I am looking at said fashion statement right now. Often basketball shorts (spring/fall) or sweat kind of pants (winter) are worn underneath at least by your skinnier butts. Now Levi's is making a cut of jean that still hangs off the butt, but has a straighter leg. Nuanced cool.
posted by readery at 6:09 PM on December 22, 2009


The answer
posted by HuronBob at 7:15 PM on December 22, 2009 [3 favorites]


I call them 'hobble skirts for men.'
posted by eccnineten at 7:26 PM on December 22, 2009 [2 favorites]


The idiocy has crossed the pacific. Plenty of teenage boys in Australia do it. Looks quite absurd.
posted by wilful at 7:49 PM on December 22, 2009


The boxers sewn into the jeans fortunately didn't last as long as the overall trend. I'm going to place them early 90's, about the same time as Hammer's 'Genie Pants' were all the rage. I ran into them the first time at Goody's, which in my earlier days (late 80's/early 90's) was where those of us middleclassers in the Southeast US went with our mothers to buy halfway 'trendy' school clothes and the like without Mom being too freaked out. The jeans had flannel or cotton patterned 'boxer tops'. I never wore them (I wasn't that hip/freaky, depending on who you asked), but the only kid I knew of to get pantsed while wearing them had tighty-whities under them.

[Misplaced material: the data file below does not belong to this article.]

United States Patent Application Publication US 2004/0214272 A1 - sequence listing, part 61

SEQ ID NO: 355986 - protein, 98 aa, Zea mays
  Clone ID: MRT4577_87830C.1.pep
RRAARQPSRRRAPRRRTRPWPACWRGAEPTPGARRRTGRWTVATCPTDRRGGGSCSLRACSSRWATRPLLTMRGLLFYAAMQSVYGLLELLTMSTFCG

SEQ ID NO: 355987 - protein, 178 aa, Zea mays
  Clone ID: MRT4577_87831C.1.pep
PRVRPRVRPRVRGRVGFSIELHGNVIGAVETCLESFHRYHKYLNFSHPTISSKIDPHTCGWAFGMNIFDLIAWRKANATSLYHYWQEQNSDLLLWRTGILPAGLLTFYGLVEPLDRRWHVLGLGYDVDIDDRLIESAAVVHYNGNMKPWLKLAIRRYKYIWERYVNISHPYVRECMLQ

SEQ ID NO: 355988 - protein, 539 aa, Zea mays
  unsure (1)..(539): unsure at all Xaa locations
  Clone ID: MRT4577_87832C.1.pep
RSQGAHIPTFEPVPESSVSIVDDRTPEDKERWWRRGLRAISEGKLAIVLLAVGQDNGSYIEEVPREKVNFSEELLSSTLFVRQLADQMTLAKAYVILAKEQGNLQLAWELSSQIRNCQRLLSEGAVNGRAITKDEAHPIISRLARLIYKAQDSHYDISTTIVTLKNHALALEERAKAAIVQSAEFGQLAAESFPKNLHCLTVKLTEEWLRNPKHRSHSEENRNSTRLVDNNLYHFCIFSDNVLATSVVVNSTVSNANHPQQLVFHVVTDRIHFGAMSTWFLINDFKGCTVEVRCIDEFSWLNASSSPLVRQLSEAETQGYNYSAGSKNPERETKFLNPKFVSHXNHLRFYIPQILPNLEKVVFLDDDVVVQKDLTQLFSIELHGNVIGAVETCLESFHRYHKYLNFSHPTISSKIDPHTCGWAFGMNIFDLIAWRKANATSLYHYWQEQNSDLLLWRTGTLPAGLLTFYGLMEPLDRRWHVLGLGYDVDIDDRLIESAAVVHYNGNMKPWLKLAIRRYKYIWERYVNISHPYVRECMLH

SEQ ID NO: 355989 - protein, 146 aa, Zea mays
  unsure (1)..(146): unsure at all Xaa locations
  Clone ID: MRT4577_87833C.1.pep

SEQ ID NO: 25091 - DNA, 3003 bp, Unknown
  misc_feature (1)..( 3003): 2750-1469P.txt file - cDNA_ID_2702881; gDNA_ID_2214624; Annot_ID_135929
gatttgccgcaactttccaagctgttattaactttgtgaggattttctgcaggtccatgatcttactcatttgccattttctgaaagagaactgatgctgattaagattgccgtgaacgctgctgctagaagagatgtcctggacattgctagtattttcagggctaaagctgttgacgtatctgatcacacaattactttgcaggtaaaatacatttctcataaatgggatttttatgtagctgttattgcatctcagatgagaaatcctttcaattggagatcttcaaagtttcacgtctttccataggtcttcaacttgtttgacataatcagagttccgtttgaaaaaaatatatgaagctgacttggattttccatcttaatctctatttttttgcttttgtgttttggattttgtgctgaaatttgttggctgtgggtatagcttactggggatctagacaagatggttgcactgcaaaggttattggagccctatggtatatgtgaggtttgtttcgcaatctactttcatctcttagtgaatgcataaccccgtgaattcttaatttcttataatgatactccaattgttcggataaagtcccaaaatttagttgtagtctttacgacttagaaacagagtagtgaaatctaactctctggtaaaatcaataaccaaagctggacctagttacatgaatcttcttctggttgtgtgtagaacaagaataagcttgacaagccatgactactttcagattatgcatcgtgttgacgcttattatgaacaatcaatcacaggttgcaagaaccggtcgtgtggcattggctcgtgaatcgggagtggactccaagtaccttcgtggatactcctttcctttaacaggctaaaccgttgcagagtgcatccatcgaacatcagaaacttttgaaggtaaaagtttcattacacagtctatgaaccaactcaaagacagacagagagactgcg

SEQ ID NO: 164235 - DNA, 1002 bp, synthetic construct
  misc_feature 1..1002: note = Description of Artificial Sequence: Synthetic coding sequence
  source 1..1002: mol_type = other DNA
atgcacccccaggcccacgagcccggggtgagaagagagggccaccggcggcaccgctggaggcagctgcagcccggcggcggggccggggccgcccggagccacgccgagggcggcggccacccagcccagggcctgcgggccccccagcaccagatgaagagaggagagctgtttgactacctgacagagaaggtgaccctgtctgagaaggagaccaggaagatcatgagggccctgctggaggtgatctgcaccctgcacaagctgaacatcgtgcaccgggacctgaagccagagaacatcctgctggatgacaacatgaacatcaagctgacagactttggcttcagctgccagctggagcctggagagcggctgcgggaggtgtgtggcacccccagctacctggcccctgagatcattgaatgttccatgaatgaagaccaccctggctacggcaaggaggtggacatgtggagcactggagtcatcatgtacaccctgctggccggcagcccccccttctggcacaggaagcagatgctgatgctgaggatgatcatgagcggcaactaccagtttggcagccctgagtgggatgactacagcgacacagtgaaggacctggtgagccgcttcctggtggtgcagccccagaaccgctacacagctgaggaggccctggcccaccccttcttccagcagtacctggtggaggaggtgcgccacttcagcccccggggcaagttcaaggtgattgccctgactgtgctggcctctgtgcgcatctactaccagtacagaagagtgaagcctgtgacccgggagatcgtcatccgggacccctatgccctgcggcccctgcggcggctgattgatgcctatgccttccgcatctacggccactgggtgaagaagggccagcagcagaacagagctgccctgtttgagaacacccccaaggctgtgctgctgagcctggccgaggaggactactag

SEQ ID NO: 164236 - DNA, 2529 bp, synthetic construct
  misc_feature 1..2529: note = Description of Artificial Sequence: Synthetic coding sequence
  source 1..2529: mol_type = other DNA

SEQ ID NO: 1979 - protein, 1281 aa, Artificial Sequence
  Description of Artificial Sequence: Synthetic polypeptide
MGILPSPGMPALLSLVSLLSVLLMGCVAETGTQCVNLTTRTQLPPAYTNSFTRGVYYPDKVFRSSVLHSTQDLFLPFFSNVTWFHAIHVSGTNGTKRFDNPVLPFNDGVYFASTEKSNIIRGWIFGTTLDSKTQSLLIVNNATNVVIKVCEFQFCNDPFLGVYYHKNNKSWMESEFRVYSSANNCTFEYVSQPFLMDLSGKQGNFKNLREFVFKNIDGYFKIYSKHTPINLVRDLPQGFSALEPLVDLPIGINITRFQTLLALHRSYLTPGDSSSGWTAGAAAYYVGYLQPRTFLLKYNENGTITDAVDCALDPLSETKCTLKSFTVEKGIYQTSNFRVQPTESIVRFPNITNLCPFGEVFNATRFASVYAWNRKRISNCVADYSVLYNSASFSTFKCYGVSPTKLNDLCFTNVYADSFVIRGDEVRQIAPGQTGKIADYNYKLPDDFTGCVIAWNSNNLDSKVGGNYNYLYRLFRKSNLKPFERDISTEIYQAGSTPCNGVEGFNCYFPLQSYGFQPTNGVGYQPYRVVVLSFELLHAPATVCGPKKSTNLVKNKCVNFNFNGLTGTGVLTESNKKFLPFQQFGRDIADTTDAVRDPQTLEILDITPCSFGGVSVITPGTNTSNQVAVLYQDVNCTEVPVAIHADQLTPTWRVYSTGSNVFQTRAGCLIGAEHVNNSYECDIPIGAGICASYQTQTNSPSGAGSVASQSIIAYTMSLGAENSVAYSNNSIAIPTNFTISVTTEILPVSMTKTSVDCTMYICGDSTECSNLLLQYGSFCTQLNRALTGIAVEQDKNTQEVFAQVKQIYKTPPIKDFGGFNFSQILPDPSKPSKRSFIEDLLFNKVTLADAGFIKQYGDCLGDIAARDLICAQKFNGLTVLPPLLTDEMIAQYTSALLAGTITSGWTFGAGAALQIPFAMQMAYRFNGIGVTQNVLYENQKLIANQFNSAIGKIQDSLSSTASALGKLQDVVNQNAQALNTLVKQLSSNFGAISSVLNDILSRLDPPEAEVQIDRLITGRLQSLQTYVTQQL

About that same period around me schools started passing dress codes banning loose and baggy jeans, and several administrators I knew of kept cheap padlocks for the kids that came in with them. Pull the jeans up to the kid's waist, lock 2 beltloops together, and voila they stay up AND look so ridiculous poofed out at the hips you hope the kid never tries it again. I don't think it was all that effective.
posted by pupdog at 7:28 AM on December 23, 2009


Why do so many kids wear their pants 1/2 way down their asses - if not totally off their asses? Is this a fashion thing I don't know about? Do they not know that their pants are falling down?

GernBlandston, there may be a fundamental problem with your understanding of the meaning of the word "fashion". If "many kids" are wearing X, yes, it is a fashion thing.

However, it's only been a fashion thing for about 15 years or so, so don't worry too much about not knowing about it. It kinda sprang up on you, sudden-like.
posted by IAmBroom at 5:16 PM on December 23, 2009


From what I understand, this started when Michael Jordan wore oversized shorts so he could wear his lucky NC shorts underneath his Bulls shorts.
posted by kaizen at 7:51 AM on January 29, 2010


Oh as we used to sag our pants in high school and I graduated in 1991. This is at least 20 years old.
posted by kaizen at 7:52 AM on January 29, 2010